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Optimized Three-dimensional Microgels Boost the Therapeutic Potential of MSCs

Review of “Temporal changes guided by mesenchymal stem cells on a 3D microgel platform enhance angiogenesis in vivo at a low-cell dose” from PNAS by Stuart P. Atkinson

A previous study from the laboratories of Dilip Thomas and Abhay Pandit (National University of Ireland Galway, Galway, Ireland) demonstrated that a shape-controlled three-dimensional collagen-based microgel platform could be tuned to modulate the paracrine responses of human mesenchymal stem cells (MSCs) to boost angiogenesis [1]. Excitingly, the administration of optimized MSC-embedded microgels readily induced vascular repair and functional improvement in a mouse model of critical limb ischemia. 

In their more recent study that expands on their previous work, Thomas et al. now report on how the modulation of the stiffness of the extracellular environment during a microgel-mediated preconditioning period can alter the ability of MSCs and significantly improve therapeutic angiogenesis in a severe rodent model of critical limb ischemia [2].

The authors studied a 96-hour preconditioning stage of MSCs in three-dimensional collagen-based microgels of different stiffness, which they achieved by altering the macromolecular concentration surrounding the cells. Interestingly, altering microgel stiffness offered the ability to “tune” the proangiogenic phenotype of MSCs through induced alterations to cell morphology, extracellular matrix stiffness, and integrin signaling. Interestingly, soft microgels boosted the therapeutic abilities of numbers of cell doses significantly lower than the preclinical standard (50,000). Indeed, the in vivo administration of low numbers of soft microgel-cultured MSCs in a preclinical severe hindlimb ischemia model promoted accelerated de novo blood vessel formation with a reduced inflammatory response, which combined to impede ongoing tissue damage.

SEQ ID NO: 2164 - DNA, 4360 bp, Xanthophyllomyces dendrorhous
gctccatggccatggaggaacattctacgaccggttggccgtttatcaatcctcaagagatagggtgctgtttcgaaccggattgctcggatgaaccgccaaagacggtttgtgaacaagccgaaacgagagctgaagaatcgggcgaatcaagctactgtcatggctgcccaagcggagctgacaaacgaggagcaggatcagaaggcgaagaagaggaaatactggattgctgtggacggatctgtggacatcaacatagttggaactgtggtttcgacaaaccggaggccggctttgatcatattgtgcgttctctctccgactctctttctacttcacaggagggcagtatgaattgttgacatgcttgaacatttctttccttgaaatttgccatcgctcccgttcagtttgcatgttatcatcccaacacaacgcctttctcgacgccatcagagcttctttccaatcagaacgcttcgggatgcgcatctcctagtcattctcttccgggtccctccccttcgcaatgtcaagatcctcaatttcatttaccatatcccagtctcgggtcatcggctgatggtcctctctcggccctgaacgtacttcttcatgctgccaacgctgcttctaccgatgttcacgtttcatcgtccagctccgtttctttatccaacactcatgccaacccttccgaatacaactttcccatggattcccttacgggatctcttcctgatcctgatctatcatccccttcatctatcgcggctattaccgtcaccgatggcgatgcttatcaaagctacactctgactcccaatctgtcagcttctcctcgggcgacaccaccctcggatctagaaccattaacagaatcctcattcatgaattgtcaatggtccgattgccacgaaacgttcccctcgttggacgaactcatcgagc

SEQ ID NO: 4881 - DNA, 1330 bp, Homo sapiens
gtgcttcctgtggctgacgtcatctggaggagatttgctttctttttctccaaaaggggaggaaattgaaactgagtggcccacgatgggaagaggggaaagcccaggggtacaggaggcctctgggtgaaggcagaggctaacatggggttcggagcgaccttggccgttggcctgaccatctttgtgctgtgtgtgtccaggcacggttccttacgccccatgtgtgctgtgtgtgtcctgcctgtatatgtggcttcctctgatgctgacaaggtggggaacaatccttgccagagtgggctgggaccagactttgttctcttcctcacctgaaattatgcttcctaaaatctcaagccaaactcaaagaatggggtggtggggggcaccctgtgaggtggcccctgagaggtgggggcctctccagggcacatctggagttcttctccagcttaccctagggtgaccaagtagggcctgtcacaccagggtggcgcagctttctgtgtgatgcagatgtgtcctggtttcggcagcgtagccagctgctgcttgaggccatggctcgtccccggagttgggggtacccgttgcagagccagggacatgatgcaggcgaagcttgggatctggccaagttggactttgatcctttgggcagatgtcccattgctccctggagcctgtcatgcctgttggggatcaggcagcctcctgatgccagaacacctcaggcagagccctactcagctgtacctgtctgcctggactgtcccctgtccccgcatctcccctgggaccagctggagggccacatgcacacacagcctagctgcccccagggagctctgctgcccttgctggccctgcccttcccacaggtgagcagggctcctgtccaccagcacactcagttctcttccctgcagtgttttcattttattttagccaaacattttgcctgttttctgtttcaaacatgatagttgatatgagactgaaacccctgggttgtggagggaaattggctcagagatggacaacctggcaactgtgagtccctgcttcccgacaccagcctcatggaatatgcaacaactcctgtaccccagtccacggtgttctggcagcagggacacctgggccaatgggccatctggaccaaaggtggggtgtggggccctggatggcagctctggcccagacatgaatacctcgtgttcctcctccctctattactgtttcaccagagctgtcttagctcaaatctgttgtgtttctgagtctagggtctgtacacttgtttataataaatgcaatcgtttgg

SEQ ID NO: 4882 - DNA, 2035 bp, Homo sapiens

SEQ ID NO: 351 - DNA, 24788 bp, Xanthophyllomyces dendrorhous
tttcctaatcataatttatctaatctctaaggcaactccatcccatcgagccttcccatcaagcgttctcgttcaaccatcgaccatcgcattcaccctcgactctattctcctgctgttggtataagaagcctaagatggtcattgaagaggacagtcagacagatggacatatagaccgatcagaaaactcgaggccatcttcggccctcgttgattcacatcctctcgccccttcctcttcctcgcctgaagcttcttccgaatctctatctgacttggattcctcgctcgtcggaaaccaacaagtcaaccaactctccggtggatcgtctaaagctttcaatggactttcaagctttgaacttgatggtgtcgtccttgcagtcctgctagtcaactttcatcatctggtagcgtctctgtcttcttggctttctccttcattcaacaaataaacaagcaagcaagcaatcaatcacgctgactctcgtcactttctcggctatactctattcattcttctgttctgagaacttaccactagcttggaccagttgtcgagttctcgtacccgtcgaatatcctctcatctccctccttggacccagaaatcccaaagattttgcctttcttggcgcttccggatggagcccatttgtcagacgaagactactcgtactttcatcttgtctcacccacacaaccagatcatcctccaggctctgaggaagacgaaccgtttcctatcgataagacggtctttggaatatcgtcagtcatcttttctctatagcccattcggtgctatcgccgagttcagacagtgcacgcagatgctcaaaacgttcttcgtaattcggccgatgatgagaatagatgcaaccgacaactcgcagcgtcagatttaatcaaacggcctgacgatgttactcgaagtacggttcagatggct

Overall, the authors provide evidence that microgel-mediated preconditioning can improve the therapeutic potential of MSCs to the degree that the localized administration of a low cell dose can prompt enhanced results in preclinical hindlimb ischemia studies. Importantly, low cell dose administration represents a promising treatment option that would aid faster tissue repair and reperfusion in “no-option” patients suffering from peripheral arterial diseases. 

The team notes that their subsequent studies will investigate how the MSC extracellular matrix composition alters during microgel-mediated preconditioning and how extracellular matrix mechanics impact the expression of cellular receptors. Additionally, the authors anticipate that their platform can be employed to replicate native cellular microenvironments that will enhance the regenerative capacity of a range of stem cell types.

For more on how enhanced culture substrates can boost stem cell-based regenerative therapies, stay tuned to the Stem Cells Portal!

References

  1. Thomas D, Fontana G, Chen X, et al., A shape-controlled tuneable microgel platform to modulate angiogenic paracrine responses in stem cells. Biomaterials 2014;35:8757-8766.
  2. Thomas D, Marsico G, Mohd Isa IL, et al., Temporal changes guided by mesenchymal stem cells on a 3D microgel platform enhance angiogenesis in vivo at a low-cell dose. Proceedings of the National Academy of Sciences 2020;117:19033.